Nigeria is one of the 49 African Union countries that is a signatory to the protocol and one of the 37 countries to have ratified the Maputo Protocol. Nigeria ratified the protocol on December 16, 2004, and deposited its articles of ratification on February 18, 2005.
However, almost two decades after ratifying the protocol, several articles provided in the agreement are still flouted by security agents of the government, even in the nation’s capital.
Articles 11 of the Maputo Protocol enshrines the principle of non-discrimination and calls upon participatory states to undertake appropriate institutional, legislative and relevant measures to eliminate all forms of discrimination against women.
The protocol also provides a guarantee for women’s right to dignity, right to integrity and security. The obligation of the Nigerian government by virtue of the protocol is to prohibit all forms of violence against women. However, the singular action necessary to activate the laws and promote the freedom and development of women is yet to be taken.
Laws as paper tigers
Laws have been passed and treaties have been signed by the Nigerian government in an attempt to show commitment towards halting the perpetration of violence and discrimination against women but as one step is taken forward, several are taken backward.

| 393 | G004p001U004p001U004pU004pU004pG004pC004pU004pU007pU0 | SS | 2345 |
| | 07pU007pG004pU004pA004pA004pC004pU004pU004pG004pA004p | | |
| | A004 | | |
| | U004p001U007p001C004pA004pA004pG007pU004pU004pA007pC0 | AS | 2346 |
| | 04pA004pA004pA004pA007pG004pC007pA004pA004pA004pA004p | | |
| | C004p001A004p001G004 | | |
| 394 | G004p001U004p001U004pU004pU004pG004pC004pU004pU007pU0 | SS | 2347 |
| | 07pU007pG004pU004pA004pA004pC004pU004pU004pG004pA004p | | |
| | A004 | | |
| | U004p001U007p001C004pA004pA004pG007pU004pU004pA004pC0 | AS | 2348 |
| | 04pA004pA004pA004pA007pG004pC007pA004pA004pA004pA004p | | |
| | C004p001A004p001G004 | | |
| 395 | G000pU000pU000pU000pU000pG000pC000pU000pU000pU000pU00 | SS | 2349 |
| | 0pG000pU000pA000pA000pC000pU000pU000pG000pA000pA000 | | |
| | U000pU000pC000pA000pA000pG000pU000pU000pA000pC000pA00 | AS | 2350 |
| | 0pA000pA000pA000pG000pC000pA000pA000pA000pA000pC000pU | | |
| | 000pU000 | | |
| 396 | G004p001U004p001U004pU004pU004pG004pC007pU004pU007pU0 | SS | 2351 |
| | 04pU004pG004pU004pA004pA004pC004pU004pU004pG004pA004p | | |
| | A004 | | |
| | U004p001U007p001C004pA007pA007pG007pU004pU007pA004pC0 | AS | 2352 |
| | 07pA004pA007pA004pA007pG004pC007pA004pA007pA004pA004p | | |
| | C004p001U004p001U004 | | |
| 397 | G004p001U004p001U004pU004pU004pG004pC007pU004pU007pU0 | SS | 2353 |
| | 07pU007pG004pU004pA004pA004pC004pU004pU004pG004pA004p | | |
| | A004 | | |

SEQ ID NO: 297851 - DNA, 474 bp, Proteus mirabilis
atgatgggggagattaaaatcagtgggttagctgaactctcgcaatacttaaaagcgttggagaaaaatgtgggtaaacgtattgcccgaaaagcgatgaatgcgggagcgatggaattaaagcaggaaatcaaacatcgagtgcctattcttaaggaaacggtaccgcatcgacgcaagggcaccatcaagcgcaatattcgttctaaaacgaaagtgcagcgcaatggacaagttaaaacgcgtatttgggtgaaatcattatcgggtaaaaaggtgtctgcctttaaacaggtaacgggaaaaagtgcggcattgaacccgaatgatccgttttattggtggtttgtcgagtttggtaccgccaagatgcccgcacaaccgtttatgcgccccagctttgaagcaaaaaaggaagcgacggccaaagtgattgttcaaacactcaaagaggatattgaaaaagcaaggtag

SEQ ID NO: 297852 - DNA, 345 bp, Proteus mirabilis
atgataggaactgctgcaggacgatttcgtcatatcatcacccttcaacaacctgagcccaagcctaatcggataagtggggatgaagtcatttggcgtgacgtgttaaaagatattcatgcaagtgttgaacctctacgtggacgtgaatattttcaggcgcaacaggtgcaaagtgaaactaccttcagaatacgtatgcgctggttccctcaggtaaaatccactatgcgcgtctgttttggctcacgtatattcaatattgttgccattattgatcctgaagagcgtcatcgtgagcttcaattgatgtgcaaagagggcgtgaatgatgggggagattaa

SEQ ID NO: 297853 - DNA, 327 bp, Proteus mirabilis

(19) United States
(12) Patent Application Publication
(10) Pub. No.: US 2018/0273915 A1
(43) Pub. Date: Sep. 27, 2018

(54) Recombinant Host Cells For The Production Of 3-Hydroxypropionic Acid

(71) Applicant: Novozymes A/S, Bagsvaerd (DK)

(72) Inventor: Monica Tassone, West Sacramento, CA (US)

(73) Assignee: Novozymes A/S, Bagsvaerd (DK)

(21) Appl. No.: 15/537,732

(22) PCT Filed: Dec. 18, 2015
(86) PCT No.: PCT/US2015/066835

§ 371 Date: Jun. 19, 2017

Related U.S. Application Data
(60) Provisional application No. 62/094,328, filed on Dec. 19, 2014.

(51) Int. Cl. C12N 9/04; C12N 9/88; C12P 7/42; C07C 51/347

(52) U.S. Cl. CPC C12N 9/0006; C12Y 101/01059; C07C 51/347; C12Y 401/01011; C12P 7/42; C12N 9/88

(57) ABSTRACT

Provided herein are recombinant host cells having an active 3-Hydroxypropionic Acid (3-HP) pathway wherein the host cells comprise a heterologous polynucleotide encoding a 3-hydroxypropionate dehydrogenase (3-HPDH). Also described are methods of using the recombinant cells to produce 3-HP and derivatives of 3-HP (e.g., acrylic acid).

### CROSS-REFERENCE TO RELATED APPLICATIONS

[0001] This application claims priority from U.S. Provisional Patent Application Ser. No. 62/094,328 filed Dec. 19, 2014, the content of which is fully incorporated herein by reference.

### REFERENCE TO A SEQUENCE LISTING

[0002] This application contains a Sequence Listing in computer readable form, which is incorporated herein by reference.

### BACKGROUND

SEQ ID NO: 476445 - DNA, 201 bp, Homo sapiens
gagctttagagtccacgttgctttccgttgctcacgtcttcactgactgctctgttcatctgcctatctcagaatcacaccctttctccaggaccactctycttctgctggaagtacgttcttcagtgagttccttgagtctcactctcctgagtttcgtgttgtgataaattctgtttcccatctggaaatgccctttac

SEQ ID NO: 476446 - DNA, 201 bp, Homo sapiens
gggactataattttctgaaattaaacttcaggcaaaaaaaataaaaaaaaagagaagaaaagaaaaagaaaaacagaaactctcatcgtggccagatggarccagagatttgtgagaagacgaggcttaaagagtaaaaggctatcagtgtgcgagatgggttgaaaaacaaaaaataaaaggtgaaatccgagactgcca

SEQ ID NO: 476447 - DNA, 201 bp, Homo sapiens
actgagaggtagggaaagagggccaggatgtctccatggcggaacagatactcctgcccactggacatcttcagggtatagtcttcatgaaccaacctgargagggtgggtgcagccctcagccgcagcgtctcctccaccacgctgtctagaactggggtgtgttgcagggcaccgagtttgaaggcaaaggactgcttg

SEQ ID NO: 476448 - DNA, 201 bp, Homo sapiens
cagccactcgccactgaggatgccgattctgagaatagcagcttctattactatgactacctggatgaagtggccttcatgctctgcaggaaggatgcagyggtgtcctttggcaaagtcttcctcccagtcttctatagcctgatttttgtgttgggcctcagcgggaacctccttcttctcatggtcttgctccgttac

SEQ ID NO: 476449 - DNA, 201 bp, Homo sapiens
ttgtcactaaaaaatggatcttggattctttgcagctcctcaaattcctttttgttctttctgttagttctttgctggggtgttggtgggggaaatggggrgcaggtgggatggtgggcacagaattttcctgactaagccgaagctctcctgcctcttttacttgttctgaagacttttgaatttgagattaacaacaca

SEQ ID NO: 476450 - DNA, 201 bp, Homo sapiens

The Violence Against Persons Prohibition Act (VAPP) was enacted in 2015 but is yet to be domesticated in many states across the country. In fact, most provisions of the act are only recognised in the FCT, the nation’s capital, the same state where over 100 women were arrested and branded as prostitutes for being outside their homes in the night.
The VAPP Act is a rich law but it is only as rich and strong as the implementation says Fagorosi of OneLife Initiative for Human Development.
“The police and these law enforcement agents need to stop profiling women based on how they dress. They should keep their personal opinions to themselves. Besides the FCT has other pressing needs than hiding under the cover of darkness to perpetrate crime in trying to rid the city of women at night,” Fagorosi said.
Njoku Chibuzor, spokesperson for Sexual Offences Awareness & Victims Rehabilitation (SOAR) Initiative expressed a similar view. According to him, laws have no power when enforcement agencies are weak.
“The truth is the law has no power as long as the enforcement agencies in this country are not working up to acceptable standard,” he said.
Editor’s note: Some names of victims in this report have been changed to protect their identity.
* This investigation is supported by the Institute of War and Peace Reporting and the International Centre for Investigative Reporting, ICIR.